News / Asia

China's Wealthy Set Their Sights Abroad

A wealthy Chinese immigrant family inspect a villa in the high-class neighborhood of West Vancouver, Canada, June 11, 2011.
A wealthy Chinese immigrant family inspect a villa in the high-class neighborhood of West Vancouver, Canada, June 11, 2011.

As China's wealth increases, so does the number of well-off Chinese seeking to emigrate to other countries.

Their reasons vary: some say they want to switch citizenship to improve educational opportunities for their children, others say they are trying to  “hedge their bets” against an uncertain economic future.

The U.S. state of Florida, with its sunshine and beaches, is on the other side of the planet from the southern Chinese commercial center, Guangzhou.

The distance does not deter one ambitious Guangzhou resident who is in the process of obtaining an investor immigrant visa to the United States.

She says she is willing to leave because she thinks her two children will have better opportunities for education. She says holding a U.S. passport also will make it easier to obtain visas to go to other countries.

Many wealthy Chinese do not publicly talk about their desire to immigrate since such a move can be seen as disloyal to their country. This would-be emigre agreed to speak to VOA only on the condition that she not be identified.

To qualify for her visa, she and her husband are planning to invest in a wind farm in South Dakota. She says they made their decision after a trip to the United States in 2009.

She says her friends in the United States introduced her to lawyers, and then after she returned to China, she said she was bombarded with “all sorts of advertisements” about immigrating to other countries.

She says they were considering moving to two U.S. cities, Chicago or Tampa, because that is where their friends live. They decided Chicago is too cold, she says, and because they come from a warm climate, they chose Tampa.

For more than 20 years, the United States has had an immigration program under which a foreigner can qualify for U.S. citizenship if he or she invests one million dollars in a venture that creates at least ten jobs for Americans.

Charles Bennett, the head of consular affairs at the U.S. embassy in Beijing, says in China, most of the interest in the program so far has come from American companies that are trying to find Chinese investors. But, he notes that it is only recently that many Chinese could even meet the steep financial requirements for the program.

“The interest has grown over the life of the program of course because 20 years ago, there weren't the same number of people that there are now who would be able to qualify for this type of visa. So, there has been more interest recently," Bennett says.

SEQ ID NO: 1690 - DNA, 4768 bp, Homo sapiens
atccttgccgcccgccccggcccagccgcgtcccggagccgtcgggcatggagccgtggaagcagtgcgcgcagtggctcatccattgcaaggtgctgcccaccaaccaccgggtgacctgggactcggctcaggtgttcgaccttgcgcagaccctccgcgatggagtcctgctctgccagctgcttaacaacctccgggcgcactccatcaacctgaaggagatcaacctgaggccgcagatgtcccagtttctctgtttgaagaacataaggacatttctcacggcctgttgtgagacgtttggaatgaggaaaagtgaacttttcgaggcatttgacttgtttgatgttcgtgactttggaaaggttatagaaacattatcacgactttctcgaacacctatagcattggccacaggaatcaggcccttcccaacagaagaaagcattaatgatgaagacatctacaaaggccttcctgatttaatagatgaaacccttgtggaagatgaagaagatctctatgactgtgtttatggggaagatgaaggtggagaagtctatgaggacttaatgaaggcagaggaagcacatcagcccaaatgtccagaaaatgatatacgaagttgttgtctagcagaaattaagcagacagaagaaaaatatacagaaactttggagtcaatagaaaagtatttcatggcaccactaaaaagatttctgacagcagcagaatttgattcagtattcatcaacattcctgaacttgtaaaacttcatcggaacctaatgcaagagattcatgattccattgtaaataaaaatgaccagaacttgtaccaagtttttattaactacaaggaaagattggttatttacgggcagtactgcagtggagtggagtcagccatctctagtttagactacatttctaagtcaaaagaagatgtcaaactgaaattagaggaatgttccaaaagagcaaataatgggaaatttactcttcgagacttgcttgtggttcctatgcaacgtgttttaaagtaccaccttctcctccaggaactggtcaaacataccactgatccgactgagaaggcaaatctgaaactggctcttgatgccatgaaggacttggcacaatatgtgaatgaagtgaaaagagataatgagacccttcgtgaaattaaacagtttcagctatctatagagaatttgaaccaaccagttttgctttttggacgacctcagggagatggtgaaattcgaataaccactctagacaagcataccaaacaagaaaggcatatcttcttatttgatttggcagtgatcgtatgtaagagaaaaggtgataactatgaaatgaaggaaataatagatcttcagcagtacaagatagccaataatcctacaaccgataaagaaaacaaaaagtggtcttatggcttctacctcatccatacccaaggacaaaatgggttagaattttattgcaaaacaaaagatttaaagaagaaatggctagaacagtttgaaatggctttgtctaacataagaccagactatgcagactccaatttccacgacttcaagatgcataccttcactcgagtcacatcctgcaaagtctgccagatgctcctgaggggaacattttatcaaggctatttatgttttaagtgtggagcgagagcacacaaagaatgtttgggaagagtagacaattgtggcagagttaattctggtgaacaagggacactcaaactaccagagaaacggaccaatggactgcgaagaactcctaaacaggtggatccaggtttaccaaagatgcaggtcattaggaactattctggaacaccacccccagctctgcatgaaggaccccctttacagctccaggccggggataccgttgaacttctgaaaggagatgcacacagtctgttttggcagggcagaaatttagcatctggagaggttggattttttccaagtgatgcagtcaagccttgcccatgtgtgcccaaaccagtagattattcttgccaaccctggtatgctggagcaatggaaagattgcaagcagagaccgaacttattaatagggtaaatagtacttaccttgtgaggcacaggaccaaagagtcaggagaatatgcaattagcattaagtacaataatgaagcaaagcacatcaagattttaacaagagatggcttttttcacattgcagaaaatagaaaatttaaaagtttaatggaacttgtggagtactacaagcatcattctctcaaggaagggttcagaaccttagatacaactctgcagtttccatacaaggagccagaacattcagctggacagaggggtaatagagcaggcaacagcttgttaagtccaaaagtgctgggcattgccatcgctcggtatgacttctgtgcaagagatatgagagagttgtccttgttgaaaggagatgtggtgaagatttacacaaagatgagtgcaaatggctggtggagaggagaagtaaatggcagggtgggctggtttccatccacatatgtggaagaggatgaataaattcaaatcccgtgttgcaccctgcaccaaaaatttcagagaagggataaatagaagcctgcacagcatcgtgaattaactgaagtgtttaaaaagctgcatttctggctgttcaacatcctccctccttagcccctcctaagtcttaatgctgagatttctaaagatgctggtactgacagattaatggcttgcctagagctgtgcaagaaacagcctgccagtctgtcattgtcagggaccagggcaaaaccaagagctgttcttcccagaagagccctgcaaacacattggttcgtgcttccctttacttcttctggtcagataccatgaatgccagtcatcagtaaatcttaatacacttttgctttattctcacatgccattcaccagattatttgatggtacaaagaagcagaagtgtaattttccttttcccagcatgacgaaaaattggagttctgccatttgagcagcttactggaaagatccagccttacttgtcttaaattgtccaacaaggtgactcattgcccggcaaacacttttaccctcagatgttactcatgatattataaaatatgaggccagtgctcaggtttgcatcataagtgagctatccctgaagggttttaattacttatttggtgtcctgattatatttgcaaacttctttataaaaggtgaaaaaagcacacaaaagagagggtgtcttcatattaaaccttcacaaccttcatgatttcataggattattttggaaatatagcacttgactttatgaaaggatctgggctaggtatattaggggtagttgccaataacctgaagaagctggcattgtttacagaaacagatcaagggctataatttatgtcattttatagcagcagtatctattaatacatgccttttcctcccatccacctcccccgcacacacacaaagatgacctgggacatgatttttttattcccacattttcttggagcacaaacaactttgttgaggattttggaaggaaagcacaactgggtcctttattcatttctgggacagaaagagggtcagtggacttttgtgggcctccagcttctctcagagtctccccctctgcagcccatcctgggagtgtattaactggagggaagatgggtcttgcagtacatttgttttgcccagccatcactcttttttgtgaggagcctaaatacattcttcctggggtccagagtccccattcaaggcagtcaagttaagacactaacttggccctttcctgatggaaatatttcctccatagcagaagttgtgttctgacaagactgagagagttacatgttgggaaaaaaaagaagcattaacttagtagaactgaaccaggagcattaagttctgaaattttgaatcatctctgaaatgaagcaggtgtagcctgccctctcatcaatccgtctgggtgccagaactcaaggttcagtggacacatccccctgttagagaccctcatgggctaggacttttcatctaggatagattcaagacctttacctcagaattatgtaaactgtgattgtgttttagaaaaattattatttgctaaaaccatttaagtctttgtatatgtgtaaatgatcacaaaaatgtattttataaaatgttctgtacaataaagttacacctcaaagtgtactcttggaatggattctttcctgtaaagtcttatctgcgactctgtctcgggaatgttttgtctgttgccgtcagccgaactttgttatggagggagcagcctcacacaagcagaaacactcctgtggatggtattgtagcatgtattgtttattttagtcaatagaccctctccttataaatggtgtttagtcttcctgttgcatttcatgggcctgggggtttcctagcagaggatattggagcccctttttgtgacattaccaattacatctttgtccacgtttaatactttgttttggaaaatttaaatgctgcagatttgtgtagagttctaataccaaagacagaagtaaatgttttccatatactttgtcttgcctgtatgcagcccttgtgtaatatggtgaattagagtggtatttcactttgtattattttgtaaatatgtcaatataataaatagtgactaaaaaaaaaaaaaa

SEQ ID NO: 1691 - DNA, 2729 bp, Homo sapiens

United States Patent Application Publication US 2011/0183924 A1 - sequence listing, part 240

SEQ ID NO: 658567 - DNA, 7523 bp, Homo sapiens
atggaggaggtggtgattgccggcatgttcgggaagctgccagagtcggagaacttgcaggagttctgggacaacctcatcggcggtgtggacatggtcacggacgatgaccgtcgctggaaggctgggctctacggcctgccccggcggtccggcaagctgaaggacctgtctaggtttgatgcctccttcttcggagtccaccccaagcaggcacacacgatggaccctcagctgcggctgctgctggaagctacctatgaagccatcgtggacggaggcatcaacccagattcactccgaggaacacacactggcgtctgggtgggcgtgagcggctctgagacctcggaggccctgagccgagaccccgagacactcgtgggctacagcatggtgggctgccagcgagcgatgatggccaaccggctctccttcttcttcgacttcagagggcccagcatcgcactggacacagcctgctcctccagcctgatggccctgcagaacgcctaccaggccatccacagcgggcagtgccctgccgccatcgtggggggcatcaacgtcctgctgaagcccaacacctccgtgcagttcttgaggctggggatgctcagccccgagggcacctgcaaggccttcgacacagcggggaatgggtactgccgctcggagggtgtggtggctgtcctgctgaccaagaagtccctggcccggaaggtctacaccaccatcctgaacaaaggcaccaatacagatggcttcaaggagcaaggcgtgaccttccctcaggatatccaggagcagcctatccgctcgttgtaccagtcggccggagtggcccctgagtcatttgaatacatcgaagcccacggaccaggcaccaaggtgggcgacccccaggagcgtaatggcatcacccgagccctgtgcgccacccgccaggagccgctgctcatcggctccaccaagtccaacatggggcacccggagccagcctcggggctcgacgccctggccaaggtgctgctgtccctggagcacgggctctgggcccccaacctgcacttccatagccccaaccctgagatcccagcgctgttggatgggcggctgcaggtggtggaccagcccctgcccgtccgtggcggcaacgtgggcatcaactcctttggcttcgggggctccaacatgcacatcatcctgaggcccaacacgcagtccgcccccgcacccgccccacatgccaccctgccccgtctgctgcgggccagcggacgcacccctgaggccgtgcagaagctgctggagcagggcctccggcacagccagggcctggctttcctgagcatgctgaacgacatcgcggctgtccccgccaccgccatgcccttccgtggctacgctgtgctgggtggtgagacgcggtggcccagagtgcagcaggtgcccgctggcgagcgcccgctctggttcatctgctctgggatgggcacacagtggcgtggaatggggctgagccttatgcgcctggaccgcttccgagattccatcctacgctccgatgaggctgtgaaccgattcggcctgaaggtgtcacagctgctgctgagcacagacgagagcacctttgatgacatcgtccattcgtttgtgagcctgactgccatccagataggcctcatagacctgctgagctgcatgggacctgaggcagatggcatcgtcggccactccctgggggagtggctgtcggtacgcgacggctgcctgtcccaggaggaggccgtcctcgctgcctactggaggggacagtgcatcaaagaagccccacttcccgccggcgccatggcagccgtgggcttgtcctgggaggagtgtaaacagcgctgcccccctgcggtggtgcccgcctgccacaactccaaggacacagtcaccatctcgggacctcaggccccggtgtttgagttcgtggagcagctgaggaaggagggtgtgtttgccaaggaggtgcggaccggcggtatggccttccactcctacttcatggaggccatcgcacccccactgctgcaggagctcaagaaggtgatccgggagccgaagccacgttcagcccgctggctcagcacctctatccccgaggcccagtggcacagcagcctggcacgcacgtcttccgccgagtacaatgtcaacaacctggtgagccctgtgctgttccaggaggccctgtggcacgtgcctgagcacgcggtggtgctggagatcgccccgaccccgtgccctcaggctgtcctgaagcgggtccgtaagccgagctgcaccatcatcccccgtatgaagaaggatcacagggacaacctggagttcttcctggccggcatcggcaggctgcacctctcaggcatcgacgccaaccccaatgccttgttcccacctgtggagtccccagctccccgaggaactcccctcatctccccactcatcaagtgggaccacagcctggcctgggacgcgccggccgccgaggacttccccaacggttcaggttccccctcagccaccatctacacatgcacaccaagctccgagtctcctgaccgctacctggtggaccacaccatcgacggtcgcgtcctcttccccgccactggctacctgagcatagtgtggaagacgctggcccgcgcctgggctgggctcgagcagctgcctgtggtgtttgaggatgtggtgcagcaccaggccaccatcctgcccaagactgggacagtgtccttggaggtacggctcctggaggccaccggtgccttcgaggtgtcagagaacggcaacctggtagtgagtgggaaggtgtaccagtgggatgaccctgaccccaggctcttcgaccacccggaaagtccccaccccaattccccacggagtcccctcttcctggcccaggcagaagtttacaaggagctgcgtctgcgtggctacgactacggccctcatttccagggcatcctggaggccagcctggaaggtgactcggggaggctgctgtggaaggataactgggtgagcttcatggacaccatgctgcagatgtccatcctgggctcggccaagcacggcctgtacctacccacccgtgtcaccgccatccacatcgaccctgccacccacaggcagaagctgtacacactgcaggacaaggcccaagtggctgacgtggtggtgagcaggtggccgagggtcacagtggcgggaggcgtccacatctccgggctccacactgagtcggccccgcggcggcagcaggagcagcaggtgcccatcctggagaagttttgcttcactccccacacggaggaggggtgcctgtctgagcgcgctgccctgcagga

China’s economy has recorded some of the world's highest annual growth rates for more than a decade, and the trend is expected to continue this year.

The apparent paradox of those growing riches is that there is also an increasing number of the newly-wealthy who are seeking to emigrate.

Charles Qi is the president of Beijing East J&P Star Consulting, a company that helps Chinese people obtain visas to other countries. When he started 16 years ago, he mostly helped people apply for skilled worker status. Now he helps customers who have the means apply for investor citizenship abroad, especially to Canada, Europe, Hong Kong, Singapore and the United States.

Qi says before 2000, he only had about 20 to 30 business applications each year. Now, more than ten years later, he says the applications have increased ten-fold, to a few hundred business investor applications each year.

Qi says he thinks that, although his clients may leave behind their Chinese citizenship when they emigrate, many of them are still Chinese in their actions and in their hearts.

Most of his clients still have their equipment and business in China, and he thinks this type of immigration will help make China more open in the future and will have a positive impact on China's economic development.

The American economy has not been growing as strongly as in China, in recent years, but William Zarit, a commercial officer at the U.S. Embassy in Beijing, says he believes many Chinese still see the United States as a safer investment.

“We don't know what's going to happen here in the next three to five years economically, how hard that landing is going to be," says Zarit. "So, I think investors here in China are thinking of that also, you know, let's diversify and get a steady [return]. We might not be getting the return on investment that I possibly would get here [in China] in whatever the industry, maybe, but I think I will go to America anyhow, to hedge my bet.”

Although Chinese who are thinking of emigrating abroad do not generally talk publicly about their decision making, there is a heated debate on the topic in Internet chat rooms.

In those online discussions, commentators suggest that the decision to leave China is not solely an economic one.

One real estate mogul recently posted an online comment bemoaning China's overall lack of a sense of basic security for things like property, food, air, education and basic rights. He says this is not only the main reason motivating people to leave the country, it is also the main thing threatening China's overall stability.

You May Like

Thousands of Ethiopian Israelis Rally Against Racism

PM Netanyahu says he will meet Damas Pakada, the Ethiopia-born Israeli soldier who was filmed being beaten by two policemen More

Ten Migrants Drown in Mediterranean, 4,800 Rescued

All of those rescued are being ferried to Italian ports, with some arriving on Italy's southernmost island, Lampedusa, and others taken to Sicily and Calabria More

HRW: Saudis Using US Cluster Bombs in Yemen

Human Rights Watch says photographs, video and other evidence have emerged indicating cluster munitions have been used in 'recent weeks' in airstrikes in Houthi stronghold in northern Yemen More

This forum has been closed.
Comments
     
There are no comments in this forum. Be first and add one

Featured Videos

Your JavaScript is turned off or you have an old version of Adobe's Flash Player. Get the latest Flash player.
From Aleppo To Berlin: Band of Brothers Escapes Civil Wari
X
Henry Ridgwell
May 03, 2015 1:12 AM
Hundreds of thousands of Syrians have fled the civil war in their country and journeyed to Europe by boat across the Mediterranean. It is a terrifying ordeal with dangers at every turn. A group of Syrian brothers and their friends describe their ordeal as they try to reach Germany. VOA's Henry Ridgwell reports. ...